Families Weekend is traditionally a time for students’ relatives to tour the campus, meet the president—and even enjoy some fire juggling! All that and more took place during the College’s first-ever virtual Families Weekend October 2-4, held online this year to keep the extended community safe during the pandemic.
“People seemed very engaged with it and appreciative,” said organizer Edward Cheetham, who noted that a virtual “walking tour” of the campus narrated by Vassar Historian Colton Johnson had 1,700 views. One benefit of this year’s online format, he said, was that it allowed far-flung families to attend. “We had people dialed in from Hawaii,” he said. The specially created Families Weekend content and recordings of live events will remain online for anyone who missed it.
Some of the events could be accessed at any time, including virtual tours of the campus, the arboretum, and the Frances Lehman Loeb Art Center—and a performance by Vassar’s circus-themed performance troupe, the Barefoot Monkeys.
Other events took place live. For students, there was a dinnertime concert on Noyes Circle and a roller-disco night sponsored by Vassar College Sound System at Walker Field House. Virtual events open to families included three panel discussions with the president and deans, faculty, and students; a virtual reunion for the men’s and women's swimming & diving teams; and a special concert and interview with singer/songwriter Naïka as part of the Vassar Haiti Project’s annual benefit art sale.
In her opening remarks at the first panel discussion, “A Conversation with the President and Deans,” President Elizabeth Bradley noted that any one of the trials of 2020—a pandemic, climate change, racial injustice, and a presidential election, would have been a lot to deal with. “To put them all together—it’s really pushed us, there’s no question it’s pushed us, but I am just so delighted with the commitment and humanity that our team and institution and your students have really shown through all of this,” she said. “Parents—you did a lot right on the way up because your students are really under pressure, showing tremendous grace and tremendous gratitude.”
Bradley was joined by William Hoynes, Dean of Faculty; Carlos Alamo-Pastrana, Dean of the College; and Marianne Begemann, Dean of Strategic Planning and Academic Resources.
The panelists answered more than 20 questions from parents about topics ranging from Spring Semester logistics, to study abroad, to COVID-19 testing and reporting. “We have had no student who has tested positive based on an exposure on campus,” Bradley noted.
The second panel, “Academic Life: A Faculty Panel for Families of First Year Students,” was hosted by Jennifer Herrera, Dean of First Year Students. She was joined by Jaime Liborio Del Razo, Assistant Professor of Education; Rachel D. Friedman, Professor and Chair of Greek and Roman Studies; and Christopher C. Raymond, Associate Professor of Philosophy. All three teach first-year writing seminars and have also served as house fellows, living in residence halls with students. The panelists emphasized how important it is for students to talk to their professors regularly and not to let concern over grades be the focus that drives their academic work.
One parent asked whether the professors had noticed any difference in the work produced by this year’s incoming students compared with past years, given the extraordinary circumstances of 2020.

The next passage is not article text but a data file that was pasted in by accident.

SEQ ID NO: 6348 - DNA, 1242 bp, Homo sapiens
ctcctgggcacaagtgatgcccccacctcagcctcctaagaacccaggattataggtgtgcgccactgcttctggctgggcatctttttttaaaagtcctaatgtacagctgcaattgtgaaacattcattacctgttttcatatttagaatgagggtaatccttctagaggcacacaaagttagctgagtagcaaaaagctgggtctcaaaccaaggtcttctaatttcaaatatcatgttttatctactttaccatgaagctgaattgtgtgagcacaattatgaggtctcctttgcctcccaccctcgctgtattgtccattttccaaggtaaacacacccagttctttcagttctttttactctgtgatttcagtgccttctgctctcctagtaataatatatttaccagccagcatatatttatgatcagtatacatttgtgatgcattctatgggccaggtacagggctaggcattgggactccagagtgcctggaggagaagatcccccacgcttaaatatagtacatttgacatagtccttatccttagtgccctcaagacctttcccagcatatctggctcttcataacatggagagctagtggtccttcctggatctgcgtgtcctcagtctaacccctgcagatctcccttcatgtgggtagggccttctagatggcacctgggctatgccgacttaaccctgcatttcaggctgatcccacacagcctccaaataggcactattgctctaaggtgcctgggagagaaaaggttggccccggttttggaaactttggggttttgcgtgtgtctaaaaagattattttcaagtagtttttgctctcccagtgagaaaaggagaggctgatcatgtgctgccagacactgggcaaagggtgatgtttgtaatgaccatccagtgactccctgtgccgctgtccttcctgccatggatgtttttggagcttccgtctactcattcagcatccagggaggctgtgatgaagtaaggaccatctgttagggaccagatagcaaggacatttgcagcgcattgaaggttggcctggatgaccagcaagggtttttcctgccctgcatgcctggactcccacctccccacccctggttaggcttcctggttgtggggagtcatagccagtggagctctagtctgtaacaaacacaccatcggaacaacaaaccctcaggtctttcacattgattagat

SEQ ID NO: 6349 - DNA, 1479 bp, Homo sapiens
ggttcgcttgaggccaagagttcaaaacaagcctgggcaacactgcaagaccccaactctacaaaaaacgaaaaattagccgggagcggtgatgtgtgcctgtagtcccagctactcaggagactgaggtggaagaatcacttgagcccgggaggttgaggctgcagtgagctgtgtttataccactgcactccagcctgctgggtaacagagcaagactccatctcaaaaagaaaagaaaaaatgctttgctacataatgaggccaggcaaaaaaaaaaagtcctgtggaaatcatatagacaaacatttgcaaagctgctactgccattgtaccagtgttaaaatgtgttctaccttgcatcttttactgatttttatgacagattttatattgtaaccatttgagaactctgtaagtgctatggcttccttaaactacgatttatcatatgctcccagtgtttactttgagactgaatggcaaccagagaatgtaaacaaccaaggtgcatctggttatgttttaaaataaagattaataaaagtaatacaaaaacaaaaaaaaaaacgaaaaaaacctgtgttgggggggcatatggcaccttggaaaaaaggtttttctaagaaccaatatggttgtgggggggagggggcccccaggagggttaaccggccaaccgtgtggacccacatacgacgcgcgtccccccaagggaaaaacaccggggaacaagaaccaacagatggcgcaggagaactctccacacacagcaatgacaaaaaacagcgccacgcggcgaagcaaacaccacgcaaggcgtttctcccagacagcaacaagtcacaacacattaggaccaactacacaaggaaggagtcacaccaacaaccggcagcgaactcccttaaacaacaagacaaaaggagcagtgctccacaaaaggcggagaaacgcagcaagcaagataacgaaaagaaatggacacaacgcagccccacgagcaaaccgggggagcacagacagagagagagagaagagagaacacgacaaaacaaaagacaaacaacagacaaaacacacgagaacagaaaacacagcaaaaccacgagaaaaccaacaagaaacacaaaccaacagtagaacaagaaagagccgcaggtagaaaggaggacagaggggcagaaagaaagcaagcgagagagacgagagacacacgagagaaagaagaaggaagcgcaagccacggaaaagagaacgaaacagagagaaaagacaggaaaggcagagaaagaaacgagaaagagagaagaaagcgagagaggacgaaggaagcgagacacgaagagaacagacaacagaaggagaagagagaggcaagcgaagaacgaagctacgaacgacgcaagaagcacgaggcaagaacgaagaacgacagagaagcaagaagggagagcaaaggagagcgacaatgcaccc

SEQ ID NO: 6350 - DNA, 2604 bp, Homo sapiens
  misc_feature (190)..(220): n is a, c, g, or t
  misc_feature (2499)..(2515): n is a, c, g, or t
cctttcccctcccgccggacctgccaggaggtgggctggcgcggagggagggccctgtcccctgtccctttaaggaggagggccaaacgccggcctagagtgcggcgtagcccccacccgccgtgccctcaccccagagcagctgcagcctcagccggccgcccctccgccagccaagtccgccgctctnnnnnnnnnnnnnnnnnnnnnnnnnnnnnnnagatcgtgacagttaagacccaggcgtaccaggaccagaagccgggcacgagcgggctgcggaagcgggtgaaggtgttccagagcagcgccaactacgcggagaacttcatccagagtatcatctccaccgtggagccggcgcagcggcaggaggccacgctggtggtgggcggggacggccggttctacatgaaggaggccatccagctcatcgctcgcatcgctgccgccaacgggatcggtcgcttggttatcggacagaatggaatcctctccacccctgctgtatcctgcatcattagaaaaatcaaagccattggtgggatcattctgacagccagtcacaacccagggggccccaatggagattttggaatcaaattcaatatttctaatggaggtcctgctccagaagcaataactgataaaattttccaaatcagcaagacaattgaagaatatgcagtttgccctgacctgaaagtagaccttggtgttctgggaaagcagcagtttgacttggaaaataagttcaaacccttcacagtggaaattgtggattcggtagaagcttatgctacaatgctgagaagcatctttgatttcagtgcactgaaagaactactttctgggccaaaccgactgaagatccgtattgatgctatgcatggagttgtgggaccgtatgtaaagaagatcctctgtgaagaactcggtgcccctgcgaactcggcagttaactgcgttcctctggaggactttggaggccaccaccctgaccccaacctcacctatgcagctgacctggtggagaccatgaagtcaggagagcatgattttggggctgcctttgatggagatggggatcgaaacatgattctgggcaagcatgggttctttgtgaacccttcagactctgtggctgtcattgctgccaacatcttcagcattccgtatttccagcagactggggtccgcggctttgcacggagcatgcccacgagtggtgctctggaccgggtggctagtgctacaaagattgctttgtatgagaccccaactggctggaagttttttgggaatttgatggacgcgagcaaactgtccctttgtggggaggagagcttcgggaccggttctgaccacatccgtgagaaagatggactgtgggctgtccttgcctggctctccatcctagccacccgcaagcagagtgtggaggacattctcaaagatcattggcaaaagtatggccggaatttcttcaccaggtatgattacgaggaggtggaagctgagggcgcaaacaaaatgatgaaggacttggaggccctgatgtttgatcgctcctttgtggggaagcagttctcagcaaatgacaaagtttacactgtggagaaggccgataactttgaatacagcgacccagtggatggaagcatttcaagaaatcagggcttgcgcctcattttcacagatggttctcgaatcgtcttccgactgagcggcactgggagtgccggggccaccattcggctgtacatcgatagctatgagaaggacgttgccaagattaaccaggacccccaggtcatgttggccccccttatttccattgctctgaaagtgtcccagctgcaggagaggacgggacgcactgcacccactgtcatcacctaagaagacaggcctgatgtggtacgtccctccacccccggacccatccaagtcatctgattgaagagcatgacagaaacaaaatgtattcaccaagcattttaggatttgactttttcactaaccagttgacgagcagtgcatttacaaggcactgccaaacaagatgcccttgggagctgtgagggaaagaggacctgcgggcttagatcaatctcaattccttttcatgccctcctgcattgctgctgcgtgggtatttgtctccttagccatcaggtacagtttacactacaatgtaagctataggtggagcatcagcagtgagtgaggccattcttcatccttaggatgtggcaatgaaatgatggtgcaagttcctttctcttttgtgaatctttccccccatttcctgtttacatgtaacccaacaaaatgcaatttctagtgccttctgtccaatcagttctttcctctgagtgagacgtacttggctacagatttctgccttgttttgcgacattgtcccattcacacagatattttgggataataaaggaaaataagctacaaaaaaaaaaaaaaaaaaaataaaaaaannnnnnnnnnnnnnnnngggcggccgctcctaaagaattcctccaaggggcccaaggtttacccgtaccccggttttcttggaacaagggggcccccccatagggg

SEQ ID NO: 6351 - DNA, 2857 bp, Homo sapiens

“I think the only thing that might be different is that things are a little bit more anxious these days because of the pandemic,” said Del Razo. “I think that’s across the board—not just with students, but with faculty as well.”
Friedman agreed. “I don’t think I would say there’s a difference in the quality of the writing, I think students feel more vulnerable and more anxious,” she said. “The emotional energy that they’re bringing to the work feels different, but I wouldn’t say that the work itself does.”
Students got to offer their own perspectives in the final panel of the day: “Oh, The Places They Went: A Very Vassar Summer.” Stacy Bingham, Associate Dean of the College for Career Development, hosted a discussion among five students who described a highly unusual yet ultimately productive summer. They each described the ways in which Vassar had helped them find rewarding internships—which, in turn, allowed them to come to important realizations about the kind of work they want to be doing, and about themselves. Bingham noted that the College had provided a total of $800,000 to support summer experiences for students, including $300,000 in summer internship support from the Career Development Office (CDO).
“I wouldn’t be where I am today without the CDO,” said Michael Fedorko ’21, an economics major who interned for Plaeris LLC (founded by a Vassar alum) and S&P Global Ratings over the summer.
At the end of the discussion, Bingham asked the panelists what advice they had for first-year students. All urged them not to stress if they don’t have everything figured out just yet.
“The whole idea of Vassar is very much centered around exploration,” said Frankie Knuckles ’21, an English and philosophy major who is weighing careers in publishing or academia.
One grandparent who tuned in to the day’s events commented, “I want to thank Vassar for providing the opportunity and avenue for families to be well informed and participate. I’m a grandparent of a first-year student, and I appreciate being able to understand some of the things my grandson is experiencing, especially his first time away from home.”
It’s not too late to experience Families Weekend online, so tune in for any programs you may have missed!